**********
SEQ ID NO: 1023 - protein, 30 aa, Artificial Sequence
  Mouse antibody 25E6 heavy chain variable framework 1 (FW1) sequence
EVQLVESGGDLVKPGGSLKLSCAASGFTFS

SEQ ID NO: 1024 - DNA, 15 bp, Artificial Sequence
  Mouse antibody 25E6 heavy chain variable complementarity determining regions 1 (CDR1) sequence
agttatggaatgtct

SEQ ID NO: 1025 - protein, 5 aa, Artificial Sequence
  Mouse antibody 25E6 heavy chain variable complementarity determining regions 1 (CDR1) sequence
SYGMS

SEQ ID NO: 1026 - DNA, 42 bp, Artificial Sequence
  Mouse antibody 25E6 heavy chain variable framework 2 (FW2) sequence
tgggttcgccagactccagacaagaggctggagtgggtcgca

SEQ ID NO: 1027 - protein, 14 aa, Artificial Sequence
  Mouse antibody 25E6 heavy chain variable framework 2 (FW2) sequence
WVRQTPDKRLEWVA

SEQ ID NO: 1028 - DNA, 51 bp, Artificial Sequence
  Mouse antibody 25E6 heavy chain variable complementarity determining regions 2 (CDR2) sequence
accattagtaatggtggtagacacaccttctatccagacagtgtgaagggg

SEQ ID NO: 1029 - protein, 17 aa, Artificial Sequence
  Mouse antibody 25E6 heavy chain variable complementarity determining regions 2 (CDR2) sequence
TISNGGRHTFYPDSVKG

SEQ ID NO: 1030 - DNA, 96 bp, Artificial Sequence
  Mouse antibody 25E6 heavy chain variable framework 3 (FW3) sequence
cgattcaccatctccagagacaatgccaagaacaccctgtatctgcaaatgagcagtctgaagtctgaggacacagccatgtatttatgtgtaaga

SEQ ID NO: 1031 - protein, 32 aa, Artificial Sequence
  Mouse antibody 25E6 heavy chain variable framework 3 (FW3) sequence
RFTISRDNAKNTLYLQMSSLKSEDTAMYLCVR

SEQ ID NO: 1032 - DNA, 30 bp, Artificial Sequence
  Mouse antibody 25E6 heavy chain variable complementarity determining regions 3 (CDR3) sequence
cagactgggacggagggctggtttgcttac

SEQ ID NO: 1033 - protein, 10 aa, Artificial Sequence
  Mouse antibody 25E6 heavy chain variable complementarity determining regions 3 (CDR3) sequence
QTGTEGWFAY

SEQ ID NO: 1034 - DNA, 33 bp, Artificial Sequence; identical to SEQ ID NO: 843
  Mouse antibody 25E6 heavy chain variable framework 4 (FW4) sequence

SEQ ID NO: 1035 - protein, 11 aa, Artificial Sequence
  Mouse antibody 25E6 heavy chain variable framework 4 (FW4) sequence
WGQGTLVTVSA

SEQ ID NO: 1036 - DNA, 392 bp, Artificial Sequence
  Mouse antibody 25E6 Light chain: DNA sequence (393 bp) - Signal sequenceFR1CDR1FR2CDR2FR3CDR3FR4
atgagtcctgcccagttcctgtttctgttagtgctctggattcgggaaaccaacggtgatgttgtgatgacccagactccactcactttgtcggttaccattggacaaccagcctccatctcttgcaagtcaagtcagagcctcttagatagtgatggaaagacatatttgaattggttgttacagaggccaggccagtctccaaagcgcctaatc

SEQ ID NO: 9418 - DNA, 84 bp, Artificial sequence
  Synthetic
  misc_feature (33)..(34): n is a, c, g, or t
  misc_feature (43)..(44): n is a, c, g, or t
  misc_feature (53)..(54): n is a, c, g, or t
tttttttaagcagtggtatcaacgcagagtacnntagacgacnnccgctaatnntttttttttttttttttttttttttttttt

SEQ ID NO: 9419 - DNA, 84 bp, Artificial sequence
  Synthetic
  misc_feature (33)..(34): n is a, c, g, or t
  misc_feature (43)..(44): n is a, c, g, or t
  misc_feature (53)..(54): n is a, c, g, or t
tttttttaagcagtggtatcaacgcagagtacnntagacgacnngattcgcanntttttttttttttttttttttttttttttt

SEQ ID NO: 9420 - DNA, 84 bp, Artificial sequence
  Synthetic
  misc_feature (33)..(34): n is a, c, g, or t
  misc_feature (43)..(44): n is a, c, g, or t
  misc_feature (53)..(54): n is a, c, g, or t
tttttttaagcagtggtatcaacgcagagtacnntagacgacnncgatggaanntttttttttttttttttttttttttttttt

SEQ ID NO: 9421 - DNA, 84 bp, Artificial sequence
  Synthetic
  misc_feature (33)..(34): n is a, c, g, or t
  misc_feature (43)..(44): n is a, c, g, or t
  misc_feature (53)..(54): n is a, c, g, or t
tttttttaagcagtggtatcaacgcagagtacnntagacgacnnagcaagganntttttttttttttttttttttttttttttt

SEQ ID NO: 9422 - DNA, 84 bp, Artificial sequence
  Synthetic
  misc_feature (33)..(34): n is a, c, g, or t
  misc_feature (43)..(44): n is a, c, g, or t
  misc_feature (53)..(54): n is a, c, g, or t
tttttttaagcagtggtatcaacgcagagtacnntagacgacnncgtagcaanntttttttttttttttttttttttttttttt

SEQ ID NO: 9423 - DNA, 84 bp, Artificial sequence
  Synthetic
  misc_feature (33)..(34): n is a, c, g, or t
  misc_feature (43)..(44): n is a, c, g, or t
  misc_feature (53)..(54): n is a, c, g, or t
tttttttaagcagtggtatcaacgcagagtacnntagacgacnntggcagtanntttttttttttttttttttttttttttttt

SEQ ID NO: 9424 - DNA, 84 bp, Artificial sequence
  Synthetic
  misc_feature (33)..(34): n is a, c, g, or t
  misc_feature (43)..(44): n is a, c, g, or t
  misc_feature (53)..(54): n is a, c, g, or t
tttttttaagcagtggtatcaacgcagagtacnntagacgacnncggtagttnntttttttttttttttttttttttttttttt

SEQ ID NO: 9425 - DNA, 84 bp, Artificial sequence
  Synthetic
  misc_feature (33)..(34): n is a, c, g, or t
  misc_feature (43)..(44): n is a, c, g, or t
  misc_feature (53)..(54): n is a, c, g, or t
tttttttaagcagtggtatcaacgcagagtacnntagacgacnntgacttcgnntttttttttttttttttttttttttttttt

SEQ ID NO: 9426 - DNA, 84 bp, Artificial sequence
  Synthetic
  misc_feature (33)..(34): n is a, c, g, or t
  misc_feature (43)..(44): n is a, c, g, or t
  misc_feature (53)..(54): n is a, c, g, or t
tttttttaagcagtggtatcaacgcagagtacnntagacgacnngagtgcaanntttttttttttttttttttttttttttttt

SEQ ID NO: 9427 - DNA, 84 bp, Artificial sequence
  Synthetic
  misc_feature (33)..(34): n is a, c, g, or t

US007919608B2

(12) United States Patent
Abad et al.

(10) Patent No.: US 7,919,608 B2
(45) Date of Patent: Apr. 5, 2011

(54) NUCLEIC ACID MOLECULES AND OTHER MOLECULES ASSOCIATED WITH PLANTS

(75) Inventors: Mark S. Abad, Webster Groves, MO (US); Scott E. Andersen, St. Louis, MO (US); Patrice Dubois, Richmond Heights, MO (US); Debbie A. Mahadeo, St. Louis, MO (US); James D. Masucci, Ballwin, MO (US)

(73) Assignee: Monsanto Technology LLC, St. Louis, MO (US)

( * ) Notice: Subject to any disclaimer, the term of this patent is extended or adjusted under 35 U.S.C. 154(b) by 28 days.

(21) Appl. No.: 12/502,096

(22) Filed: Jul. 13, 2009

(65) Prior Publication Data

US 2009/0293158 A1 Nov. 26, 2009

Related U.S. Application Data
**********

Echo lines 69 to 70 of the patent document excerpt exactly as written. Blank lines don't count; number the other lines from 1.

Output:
  misc_feature (43)..(44): n is a, c, g, or t
  misc_feature (53)..(54): n is a, c, g, or t